It's easy to forget that even the most accomplished professionals have to start somewhere. But when you're watching your favorite dancer perform—as part of a televised event like the Grammys or onscreen in films like La La Land and The Greatest Showman—years of hard work, alongside some very dedicated teachers, have gone into that moment.
And to shine a spotlight on the instruction behind the dancing, Dance Spirit spoke with five professional dancers about the teachers who had the biggest impact on their careers. Many we spoke with credited their childhood dance instructors with giving them the tools that have gotten them to where they are today.
Sara Mearns: Principal, New York City Ballet
"It's because of my first ballet teacher, Ms. Ann Brodie, and my first tap teacher, Ms. Maura Gable Moore, that I am the artist and the performer I am today. They taught me from age 3 at my first dance studio, Calvert-Brodie. With both teachers, it was all about performing, and it's because of these women that the stage feels like home to me. We spent hours in the studio together, and I don't remember them ever being mean; they always brought the best out of me. They instilled in me that you don't have to be perfect, but just keep working at it—come back every day and be inspired by the other dancers in the studio.
Ms. Ann passed away when I was 12, but before she passed, she told my mom, 'She has to go to New York. She has to go to the School of American Ballet.' I went to my first summer course at SAB that same year she passed, and I feel like I'm fulfilling what she wanted of me."
Alex Wong: Commercial dancer
Alex Wong and teacher Bonnie Jean Anderson
"One of my most influential teachers is Bonnie Jean Anderson at Dance Factory in Canada, who taught me tap, musical theater and jazz. She was my very first dance teacher, and she instilled in me a love for dance and, especially, musical theater. Bonnie encouraged me to compete in solos when I was younger, and she would even teach me private lessons for free.
She cared about my career so much that she sent me to another studio to take ballet—which brings me to my second teacher that had a huge influence on me, Lin Mei Fang. She is an incredible ballet coach and teacher, and I can confidently say that I don't think I would have ever made it in the ballet world without her. I saw so many other talented dancers at competitions, and I truly believe had they had her, I would have come in a solid last place!"
Brittany Parks: Tap and commercial dancer
Brittany Parks and Mandy Moore
"One is definitely Mandy Moore, who has always commanded the room. I met her when I was 8 years old, and she handed me my first scholarship at Los Angeles Dance Festival. I remember at dance conventions, I would chase down wherever Mandy Moore was teaching because it was always something special. And now, since moving to Los Angeles, I've gotten to work on projects like La La Land with her.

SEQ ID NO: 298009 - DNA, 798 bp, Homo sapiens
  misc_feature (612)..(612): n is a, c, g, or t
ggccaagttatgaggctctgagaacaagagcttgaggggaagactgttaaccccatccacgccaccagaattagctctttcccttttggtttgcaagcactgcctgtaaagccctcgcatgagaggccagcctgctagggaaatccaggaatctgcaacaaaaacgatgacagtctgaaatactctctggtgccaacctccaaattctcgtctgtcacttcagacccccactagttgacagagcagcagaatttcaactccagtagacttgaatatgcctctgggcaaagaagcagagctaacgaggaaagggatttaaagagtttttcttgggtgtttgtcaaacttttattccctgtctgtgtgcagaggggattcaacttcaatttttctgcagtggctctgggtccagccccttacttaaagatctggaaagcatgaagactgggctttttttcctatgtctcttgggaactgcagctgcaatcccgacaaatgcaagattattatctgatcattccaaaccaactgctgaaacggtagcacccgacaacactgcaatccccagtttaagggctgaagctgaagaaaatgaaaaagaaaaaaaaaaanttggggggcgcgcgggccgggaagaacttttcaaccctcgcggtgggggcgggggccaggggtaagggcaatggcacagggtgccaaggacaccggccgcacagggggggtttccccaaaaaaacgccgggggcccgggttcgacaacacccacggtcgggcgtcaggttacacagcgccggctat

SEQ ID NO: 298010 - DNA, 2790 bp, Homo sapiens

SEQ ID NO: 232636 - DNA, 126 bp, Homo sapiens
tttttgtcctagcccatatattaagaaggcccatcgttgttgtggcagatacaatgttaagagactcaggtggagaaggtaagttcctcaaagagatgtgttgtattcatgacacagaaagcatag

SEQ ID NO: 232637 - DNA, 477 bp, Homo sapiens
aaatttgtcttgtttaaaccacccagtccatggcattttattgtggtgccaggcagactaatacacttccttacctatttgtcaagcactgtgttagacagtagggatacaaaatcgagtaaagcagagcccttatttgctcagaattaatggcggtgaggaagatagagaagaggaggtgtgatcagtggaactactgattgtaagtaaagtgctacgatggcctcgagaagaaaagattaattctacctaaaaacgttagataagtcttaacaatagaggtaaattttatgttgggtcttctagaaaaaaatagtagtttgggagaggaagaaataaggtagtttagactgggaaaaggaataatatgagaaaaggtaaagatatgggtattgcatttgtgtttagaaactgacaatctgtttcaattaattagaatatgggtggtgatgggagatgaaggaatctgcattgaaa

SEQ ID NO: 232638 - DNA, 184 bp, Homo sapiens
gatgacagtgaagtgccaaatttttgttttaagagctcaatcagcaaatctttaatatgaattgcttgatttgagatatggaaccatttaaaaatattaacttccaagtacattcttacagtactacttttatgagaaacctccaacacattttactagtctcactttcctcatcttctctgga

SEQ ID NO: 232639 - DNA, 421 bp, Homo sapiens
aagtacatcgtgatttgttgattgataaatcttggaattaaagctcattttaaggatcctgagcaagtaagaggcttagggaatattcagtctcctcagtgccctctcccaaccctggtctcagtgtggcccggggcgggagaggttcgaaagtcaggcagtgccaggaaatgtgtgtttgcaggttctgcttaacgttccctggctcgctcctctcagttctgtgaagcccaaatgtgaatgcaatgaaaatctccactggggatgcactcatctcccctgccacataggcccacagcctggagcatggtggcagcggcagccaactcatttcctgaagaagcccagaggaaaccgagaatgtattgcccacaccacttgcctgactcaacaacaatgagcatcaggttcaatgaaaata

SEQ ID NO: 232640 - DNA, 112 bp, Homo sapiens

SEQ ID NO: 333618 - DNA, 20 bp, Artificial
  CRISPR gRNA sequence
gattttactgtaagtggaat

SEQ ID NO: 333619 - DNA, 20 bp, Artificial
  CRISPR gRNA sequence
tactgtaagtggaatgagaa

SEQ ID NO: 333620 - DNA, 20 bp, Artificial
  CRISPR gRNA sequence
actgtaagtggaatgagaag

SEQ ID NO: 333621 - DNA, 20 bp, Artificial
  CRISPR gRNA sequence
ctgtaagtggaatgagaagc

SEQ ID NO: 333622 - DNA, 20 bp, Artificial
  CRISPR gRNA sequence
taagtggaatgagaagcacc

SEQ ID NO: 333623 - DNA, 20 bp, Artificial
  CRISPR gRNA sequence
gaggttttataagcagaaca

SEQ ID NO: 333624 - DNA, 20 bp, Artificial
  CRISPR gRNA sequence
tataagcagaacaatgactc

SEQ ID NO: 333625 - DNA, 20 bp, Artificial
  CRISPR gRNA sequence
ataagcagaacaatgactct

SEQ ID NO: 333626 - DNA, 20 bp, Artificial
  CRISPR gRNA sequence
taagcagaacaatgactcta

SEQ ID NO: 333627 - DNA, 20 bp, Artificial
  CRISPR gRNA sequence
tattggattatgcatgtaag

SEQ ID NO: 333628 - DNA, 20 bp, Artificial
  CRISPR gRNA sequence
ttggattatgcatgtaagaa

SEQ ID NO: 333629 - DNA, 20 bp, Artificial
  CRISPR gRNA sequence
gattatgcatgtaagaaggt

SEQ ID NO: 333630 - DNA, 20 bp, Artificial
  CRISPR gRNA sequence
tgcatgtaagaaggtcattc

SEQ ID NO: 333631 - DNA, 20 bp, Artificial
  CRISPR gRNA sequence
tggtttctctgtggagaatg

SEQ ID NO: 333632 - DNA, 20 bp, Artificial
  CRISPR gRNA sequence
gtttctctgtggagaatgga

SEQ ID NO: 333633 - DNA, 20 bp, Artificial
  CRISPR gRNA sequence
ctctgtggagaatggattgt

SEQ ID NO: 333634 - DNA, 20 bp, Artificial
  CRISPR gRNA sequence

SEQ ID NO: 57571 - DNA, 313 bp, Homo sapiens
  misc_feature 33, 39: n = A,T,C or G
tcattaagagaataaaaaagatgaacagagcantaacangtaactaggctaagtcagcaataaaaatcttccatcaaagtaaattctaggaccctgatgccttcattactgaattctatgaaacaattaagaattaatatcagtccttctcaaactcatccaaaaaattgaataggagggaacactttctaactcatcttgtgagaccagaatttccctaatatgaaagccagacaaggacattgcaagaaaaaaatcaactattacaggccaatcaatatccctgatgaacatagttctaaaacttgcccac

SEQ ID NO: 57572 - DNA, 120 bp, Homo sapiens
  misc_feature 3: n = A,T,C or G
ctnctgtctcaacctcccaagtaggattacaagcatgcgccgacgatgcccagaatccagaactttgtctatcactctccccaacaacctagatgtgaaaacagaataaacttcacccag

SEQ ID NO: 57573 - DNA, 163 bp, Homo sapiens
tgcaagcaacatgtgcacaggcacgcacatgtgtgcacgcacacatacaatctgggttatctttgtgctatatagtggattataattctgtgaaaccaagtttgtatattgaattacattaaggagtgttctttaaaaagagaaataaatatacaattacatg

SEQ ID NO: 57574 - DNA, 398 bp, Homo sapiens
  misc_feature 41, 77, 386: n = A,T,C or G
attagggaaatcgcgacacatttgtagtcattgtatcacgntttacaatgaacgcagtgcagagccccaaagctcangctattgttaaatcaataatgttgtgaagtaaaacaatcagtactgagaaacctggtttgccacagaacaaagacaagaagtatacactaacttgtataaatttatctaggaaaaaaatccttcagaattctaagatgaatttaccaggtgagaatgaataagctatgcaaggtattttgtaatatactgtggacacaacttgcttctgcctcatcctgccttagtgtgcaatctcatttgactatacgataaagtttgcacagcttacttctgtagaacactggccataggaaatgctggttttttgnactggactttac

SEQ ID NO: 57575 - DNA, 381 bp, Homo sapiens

In tap, I saw Gregory Hines when I was maybe 6 years old, and it makes me want to cry just thinking about it. When I saw him, I was like, 'I don't want to be just a dancer, I want to be a performer and an artist.' I didn't get to train with him, but I got the next best thing: Savion Glover, who trained with Gregory. Working with Savion on Broadway for Shuffle Along was a whole other level. A lot of what he's said to me has come from Gregory, who liked to say, 'Tap is connected not just from your feet, but it's also connected from your heart and your soul and your mind.' I make sure I tell that to the kids I teach now."
Adam Robert Dickerson: Dancer, Paul Taylor Dance Company
Adam Robert Dickerson and Patrizia Herminjard
"The dance teacher that influenced me the most growing up is Patrizia Herminjard. She taught me modern and contemporary classes for four years at Colorado College in Colorado Springs, and after graduating, I was lucky to work on a film project with her. I started dancing later in life, so having a teacher be formative and gentle like her was lucky for me.
She understood how I worked mentally as a dancer and was able to meet me there physically. She was patient, yet demanding, and she had a way of appreciating my journey toward success without inflating my ego or cutting me down. The most important lesson Patrizia taught me was that fundamental technique did not have to be executed perfectly, but understood deeply, and that artistry was more important than anything. In other words, 'The actor gets the job.'"
Britt Stewart: Professional, “Dancing with the Stars”
"I've had so many amazing teachers and mentors in my career, but growing up it was Jennifer Jarnot. I met her when I was 7 or 8, when I was really known as a tapper, but she saw that I had potential in other dance styles. My parents are both business people, so the dance world was all new to them. It was Jenny that expanded our minds and thoughts about what dance could be for me, and she made so many other things accessible.
I would also say that Jenny came into my life at a really critical time. I was at the point where I was starting to stand out on my team and had been told to tone down what I was doing to match the rest of the team. I started to get bullied a little bit and was feeling kind of isolated, and Jenny stepped in at the perfect time to say 'Keep going.' She would stand backstage with me and be that person that gave me the confidence to be myself and to not be worried about what other people thought."